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By Jeff Baugher
One of my neighbors owns several classic cars. He usually parks them in his driveway or in front of his own house, but a while back he left his refurbished '65 Mustang parked on a side street right next to my house. Two days later, I noticed it there again. A week later, I saw that the car still hadn't moved it was sitting in exactly the same spot.
I felt a little irritated by this. I live in the city, and it is illegal to leave a car parked on the street in the same place for over three consecutive days. Another week went by, then another, then it was a month, and then another month and still, the car sat. As each day went by, I became even more irritated.
It eventually got so bad that every morning, the first thing I did after waking up was to walk over to the alcove in our bedroom, and look out the window to see if the neighbor's car was still 'in the wrong place.' And of course, when I saw that it was, I would get angry! Eventually my wife and my daughter began to kid me about my 'thing' regarding the neighbor's car. When that didn't slow down my daily harping, my daughter crisply advised me to "Just give it up, Dad!"
Her reaction gave me pause. I had to admit that there was plenty of on-street parking space around my house, and that one car did not change that. As I studied what was happening a seemingly minor situation generating an out-of-proportion emotional reaction, I realized this was a classic sign of something being 'in shadow' for me. What was it in me that I didn't like and couldn't own, but that I could easily see in my neighbor's behavior?
One morning I woke up and decided to slow down in order to generate a different perspective on my 'shadow ritual.' As I moved toward the alcove to check on the parked car, I looked down and had an epiphany.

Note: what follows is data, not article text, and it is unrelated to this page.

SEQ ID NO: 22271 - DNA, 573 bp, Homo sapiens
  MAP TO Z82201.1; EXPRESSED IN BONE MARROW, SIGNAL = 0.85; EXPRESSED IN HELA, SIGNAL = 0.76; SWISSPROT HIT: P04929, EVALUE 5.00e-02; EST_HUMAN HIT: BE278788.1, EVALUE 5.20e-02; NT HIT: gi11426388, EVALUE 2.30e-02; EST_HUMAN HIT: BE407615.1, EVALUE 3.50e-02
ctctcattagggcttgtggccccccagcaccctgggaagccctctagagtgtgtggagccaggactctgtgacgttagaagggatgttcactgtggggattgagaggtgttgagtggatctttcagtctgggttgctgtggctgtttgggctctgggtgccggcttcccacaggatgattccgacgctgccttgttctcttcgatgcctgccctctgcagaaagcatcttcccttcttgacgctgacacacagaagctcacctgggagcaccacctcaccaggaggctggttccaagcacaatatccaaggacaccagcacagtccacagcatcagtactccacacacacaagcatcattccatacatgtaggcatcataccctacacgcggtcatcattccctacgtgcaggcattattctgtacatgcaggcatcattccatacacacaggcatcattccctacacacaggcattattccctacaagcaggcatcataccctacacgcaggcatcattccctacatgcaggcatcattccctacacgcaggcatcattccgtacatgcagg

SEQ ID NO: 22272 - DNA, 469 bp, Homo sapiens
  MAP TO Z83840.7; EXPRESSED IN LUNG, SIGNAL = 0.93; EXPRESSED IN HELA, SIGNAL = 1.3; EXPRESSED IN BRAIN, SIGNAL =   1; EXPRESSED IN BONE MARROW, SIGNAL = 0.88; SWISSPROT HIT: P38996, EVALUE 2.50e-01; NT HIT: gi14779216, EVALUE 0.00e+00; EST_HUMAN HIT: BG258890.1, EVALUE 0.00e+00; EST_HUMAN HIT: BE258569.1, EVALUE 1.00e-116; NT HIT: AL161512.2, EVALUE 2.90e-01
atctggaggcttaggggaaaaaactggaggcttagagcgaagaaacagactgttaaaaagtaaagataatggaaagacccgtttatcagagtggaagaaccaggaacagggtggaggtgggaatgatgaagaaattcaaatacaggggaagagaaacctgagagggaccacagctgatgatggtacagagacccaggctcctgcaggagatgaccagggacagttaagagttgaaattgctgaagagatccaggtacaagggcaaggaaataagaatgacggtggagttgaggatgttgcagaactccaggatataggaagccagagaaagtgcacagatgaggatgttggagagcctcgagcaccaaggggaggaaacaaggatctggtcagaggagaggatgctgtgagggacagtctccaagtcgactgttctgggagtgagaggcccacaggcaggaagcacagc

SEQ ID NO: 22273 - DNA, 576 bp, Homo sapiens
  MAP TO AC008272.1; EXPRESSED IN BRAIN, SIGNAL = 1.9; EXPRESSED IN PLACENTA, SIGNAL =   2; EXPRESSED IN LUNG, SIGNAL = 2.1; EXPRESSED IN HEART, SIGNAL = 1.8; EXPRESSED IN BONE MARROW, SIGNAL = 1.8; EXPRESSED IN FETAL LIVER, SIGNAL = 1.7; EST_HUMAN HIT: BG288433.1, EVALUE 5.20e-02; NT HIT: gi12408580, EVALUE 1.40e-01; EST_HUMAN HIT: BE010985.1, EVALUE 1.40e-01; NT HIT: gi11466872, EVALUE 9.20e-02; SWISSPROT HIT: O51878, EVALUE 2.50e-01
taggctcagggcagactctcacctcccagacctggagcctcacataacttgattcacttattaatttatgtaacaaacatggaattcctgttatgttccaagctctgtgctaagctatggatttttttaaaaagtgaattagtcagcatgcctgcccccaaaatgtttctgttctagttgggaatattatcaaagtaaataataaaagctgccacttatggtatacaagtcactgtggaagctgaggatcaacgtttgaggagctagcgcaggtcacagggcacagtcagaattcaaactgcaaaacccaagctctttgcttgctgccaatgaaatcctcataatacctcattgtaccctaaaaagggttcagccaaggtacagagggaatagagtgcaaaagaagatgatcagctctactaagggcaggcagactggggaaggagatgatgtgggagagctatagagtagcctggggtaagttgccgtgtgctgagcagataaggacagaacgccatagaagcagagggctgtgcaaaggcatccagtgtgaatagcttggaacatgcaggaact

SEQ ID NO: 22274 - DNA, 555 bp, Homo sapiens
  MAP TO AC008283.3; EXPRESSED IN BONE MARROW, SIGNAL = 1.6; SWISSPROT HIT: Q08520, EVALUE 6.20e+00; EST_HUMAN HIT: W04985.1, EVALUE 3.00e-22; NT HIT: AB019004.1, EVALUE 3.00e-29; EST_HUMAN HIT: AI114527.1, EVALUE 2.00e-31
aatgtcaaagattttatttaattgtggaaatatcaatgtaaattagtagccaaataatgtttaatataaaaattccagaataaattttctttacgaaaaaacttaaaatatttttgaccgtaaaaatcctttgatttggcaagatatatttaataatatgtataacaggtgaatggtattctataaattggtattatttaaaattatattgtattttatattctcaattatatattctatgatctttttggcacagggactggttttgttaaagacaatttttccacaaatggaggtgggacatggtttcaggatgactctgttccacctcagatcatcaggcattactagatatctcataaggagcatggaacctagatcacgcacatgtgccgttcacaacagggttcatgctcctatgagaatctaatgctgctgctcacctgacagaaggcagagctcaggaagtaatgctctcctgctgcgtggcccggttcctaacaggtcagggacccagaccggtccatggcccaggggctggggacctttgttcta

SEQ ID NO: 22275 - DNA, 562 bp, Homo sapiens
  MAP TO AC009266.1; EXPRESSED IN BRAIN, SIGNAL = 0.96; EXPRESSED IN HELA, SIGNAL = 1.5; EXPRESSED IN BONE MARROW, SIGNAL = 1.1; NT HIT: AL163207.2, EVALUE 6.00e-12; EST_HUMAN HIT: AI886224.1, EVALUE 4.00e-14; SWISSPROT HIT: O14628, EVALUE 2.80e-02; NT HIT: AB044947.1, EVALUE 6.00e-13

Sometimes when I am busy, I will bring my clean laundry up to the bedroom and just set it in the alcove until I have a chance to put it away. And although I hate to admit it, I will also let my dirty clothes overflow the hamper (again in the alcove) and accumulate on the floor, creating what I jokingly refer to as a 'clothes garden.' The problem with this approach to housekeeping is that if the various mounds of clothes sit out in the same place long enough, I actually stop seeing them! It's almost as if they become a normal part of the room.
So, while I clearly saw that my neighbor's car was not in the right place. I couldn't see my own misplaced clothes. And every morning as I looked out the window to see his out-of-integrity behavior, I would literally overlook my own clothes. Underneath it all, what was really irritating me was my own stuff being out of place. Welcome shadow!
After this 'Aha' realization, I cleaned up the alcove. And as expected, the parked car stopped bothering me. Then something even more surprising happened. Two days later, my neighbor spontaneously moved his car back into his own driveway. Although others may call this a coincidence, I like to consider it an example of how a simple inner shift can actually trigger real change in the world.